to conclude, a common way of terminating the loop when doing this at home is to add a very small drop of glue and letting it completely dry before adding tippet. that’s not really a necessity but it can augment the ‘confidence factor’.
finally, these teeny-tiny loops aren’t appropriate for a loop-to-loop connection, we simply tie the tippet to the loop with our favourite knot as if it where a hook eye. enjoy !

tying the Perfection Loop

this loop is ‘perfect’ for loop-to-loop line-to-leader or leader-to-leader connections for anything but the biggest of fish. super easy to tie, the loop stays in line with the standing end of the monofilament and not ‘kinked’ to the side as with a Double or Triple Surgeon’s Knot. to be honest, i’m not sure it really makes any difference in leader/fly presentation to the fish but it does because i believe it does. offset kinks look messy !

i really like this video by Jim Thielemann. rarely found on any step-by-steps or diagrams is the trick we find here of passing the line around the thumb to create the second loop. this keeps the whole knot visible with the loops separated as opposed to pinching the ensemble together and then trying to pull the second loop through the first to finalize/tighten the knot. this also makes for a better control of the size of the final loop.

lefty loop

Tying the Lefty Loop or Non-Slip loop

lefty loop

i’m often asked which knots i use or recommend so the other night i pulled out some old mono and went through my repertoire to realize that there aren’t that many, maybe four, and even if this particular knot isn’t, most will be in one way or another based on the Duncan Loop.

this first one of a mini-series is a ‘loop-knot’ that doesn’t tighten against the eye of the hook which allows the fly to swing freely in a more natural manner than if it was tight against the eye. most often associated with streamers, this knot is equally at home with nymphs and even dries as the ‘hinge’ allows the flies to freely drift a bit better. every little bit helps ! the loop size doesn’t really matter with big streamers and such but with smaller flies we’ll try to get the smallest possible loop.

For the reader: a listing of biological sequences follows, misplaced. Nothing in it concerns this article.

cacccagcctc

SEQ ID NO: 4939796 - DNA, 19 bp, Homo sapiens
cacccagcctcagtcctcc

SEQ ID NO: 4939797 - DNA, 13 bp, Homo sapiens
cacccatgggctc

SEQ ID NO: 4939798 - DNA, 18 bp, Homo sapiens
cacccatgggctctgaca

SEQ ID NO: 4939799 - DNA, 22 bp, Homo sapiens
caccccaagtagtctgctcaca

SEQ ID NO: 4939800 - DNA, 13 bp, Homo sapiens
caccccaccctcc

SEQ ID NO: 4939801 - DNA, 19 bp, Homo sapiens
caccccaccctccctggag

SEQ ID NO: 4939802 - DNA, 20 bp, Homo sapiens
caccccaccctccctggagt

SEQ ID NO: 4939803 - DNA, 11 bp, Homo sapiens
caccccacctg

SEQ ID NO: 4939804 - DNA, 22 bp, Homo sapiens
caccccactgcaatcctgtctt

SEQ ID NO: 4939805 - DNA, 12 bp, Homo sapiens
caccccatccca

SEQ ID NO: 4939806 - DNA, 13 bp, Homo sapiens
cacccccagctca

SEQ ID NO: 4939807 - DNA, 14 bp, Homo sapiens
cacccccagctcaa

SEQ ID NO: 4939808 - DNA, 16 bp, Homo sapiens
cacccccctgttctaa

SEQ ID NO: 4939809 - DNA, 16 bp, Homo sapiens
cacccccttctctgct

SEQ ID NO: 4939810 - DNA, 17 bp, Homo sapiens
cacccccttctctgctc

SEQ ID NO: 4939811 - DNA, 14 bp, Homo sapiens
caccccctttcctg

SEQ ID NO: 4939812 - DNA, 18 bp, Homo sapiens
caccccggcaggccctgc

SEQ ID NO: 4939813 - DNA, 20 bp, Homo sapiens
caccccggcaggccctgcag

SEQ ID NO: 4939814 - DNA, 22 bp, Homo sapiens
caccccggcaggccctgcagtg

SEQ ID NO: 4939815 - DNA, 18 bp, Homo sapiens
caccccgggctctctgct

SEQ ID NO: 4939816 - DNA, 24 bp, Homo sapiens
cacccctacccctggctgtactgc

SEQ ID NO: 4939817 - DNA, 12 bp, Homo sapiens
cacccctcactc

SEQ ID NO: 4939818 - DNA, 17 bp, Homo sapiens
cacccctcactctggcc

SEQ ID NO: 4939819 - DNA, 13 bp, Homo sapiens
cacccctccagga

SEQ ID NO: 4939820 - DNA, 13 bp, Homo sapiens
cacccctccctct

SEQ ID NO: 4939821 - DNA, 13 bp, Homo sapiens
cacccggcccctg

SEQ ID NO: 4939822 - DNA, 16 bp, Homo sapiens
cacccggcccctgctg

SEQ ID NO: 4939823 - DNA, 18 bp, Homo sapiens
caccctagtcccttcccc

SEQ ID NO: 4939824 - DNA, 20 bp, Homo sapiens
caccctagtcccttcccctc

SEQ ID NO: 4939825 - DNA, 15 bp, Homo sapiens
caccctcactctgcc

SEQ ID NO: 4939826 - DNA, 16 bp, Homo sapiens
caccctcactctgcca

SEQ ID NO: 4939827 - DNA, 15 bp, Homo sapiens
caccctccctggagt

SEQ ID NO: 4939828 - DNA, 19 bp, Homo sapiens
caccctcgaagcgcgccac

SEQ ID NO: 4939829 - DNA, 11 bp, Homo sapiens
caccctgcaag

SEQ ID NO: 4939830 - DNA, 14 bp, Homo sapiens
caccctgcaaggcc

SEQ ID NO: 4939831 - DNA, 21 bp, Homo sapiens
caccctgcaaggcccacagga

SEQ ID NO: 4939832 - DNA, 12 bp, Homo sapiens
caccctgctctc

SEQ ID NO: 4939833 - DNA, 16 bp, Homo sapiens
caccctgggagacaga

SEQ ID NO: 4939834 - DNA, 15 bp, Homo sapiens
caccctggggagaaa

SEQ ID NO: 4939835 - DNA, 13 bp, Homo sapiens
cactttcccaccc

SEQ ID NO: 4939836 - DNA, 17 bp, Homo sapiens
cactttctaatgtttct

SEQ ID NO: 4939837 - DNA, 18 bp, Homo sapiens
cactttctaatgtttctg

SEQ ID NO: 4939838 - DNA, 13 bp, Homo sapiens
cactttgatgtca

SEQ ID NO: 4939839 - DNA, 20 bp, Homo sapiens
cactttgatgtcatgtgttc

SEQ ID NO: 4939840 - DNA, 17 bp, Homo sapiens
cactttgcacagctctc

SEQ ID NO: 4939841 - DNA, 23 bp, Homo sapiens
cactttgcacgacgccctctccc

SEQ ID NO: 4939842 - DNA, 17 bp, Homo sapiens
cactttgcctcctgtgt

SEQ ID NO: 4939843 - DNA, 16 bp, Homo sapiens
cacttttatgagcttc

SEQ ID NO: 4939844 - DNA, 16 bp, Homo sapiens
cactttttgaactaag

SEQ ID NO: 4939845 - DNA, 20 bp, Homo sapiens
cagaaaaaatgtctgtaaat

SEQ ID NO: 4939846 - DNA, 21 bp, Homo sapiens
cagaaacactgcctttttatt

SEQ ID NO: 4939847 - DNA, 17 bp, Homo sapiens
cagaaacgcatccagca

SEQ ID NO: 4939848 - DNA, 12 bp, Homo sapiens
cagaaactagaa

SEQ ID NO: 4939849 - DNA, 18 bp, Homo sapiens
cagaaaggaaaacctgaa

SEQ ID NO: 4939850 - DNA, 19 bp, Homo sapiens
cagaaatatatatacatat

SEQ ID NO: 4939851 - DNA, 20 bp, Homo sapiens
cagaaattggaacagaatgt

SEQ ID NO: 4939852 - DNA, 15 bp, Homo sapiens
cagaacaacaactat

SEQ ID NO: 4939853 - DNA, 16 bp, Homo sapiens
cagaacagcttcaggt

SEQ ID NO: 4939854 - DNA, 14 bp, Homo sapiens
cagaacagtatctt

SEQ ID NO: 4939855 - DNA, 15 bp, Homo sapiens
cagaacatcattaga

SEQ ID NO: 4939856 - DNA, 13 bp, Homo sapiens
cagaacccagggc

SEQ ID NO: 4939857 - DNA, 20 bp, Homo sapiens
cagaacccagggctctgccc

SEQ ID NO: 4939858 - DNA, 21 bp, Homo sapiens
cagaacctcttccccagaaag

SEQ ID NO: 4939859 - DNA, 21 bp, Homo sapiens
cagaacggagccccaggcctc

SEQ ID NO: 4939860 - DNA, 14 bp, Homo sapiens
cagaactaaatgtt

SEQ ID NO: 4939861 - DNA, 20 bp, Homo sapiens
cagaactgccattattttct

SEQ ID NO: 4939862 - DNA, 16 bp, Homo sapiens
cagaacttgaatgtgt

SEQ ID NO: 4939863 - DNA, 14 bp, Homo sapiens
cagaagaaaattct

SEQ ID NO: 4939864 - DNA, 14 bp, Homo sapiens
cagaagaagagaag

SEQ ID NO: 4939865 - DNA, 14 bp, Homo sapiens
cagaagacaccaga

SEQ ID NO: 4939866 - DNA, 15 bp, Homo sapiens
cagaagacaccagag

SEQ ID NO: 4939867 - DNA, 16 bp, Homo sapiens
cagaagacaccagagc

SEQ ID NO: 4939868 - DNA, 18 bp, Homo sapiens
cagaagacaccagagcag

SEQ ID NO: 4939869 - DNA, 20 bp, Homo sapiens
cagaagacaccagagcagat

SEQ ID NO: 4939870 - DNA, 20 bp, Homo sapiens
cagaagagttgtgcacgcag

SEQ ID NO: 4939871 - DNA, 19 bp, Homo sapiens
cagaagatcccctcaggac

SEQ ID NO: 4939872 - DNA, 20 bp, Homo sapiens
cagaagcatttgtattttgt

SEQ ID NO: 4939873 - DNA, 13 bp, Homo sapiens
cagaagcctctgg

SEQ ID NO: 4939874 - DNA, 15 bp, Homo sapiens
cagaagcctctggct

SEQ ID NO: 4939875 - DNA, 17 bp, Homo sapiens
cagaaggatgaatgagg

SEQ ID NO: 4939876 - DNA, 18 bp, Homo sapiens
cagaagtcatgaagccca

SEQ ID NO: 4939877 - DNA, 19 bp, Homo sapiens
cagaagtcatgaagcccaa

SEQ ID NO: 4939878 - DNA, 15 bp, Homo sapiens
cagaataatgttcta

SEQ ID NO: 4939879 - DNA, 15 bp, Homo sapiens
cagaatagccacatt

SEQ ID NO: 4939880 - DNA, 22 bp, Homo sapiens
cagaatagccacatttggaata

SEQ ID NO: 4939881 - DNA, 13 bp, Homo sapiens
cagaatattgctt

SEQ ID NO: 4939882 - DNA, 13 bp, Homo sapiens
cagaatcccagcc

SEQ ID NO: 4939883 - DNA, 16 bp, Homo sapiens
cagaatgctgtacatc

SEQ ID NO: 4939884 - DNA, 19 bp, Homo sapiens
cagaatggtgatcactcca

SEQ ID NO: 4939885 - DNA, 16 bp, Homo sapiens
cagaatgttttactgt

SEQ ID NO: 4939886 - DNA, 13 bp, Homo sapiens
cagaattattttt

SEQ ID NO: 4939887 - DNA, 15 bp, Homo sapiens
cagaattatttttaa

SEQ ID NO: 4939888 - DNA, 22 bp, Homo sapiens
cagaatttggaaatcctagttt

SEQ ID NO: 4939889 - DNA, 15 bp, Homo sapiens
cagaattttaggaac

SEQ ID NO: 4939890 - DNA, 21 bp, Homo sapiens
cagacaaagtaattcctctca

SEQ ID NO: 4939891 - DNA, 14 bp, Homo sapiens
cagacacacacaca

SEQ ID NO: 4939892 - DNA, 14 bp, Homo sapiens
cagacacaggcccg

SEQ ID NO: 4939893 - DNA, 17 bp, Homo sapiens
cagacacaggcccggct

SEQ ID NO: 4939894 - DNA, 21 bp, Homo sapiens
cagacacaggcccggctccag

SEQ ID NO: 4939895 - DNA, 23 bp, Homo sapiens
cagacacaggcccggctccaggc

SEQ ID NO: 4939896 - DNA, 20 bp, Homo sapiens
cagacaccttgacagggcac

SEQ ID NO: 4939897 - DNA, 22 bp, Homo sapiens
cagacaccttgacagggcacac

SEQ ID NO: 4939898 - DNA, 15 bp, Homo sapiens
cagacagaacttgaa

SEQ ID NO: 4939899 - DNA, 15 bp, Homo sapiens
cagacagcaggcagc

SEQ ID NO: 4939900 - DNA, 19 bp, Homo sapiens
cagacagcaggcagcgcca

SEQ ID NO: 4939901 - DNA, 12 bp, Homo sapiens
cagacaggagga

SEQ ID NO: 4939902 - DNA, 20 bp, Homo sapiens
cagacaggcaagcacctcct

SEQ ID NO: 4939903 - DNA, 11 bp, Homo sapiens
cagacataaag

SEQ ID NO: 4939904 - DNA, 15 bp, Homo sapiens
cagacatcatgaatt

created by Lefty Kreh, this knot is a much stronger and more reliable alternative to the popular Rapala knot. the issue i have with the Rapala is that it’s another form of the Improved Clinch knot with it’s inherent excessive stretching and twisting of the material which may dramatically reduce it’s strength. the Improved Clinch twists the line along it’s axis, the results are often seen by the ‘piggy-tail’ on the tag end when the knot is finished. however, the real problem lies that the twists are inside the knot. even if it might look nice and clean on the outside, the inside might have been weakened in the process of tying the knot. not so good and an uncertainty i don’t want to have on what’s in most cases, the weakest link in the system.

-sorry, i can’t give credit to this great diagram’s author as i had pulled this from the net years ago to use as a personal reference without noting its source but a big thanks to whomever that may be !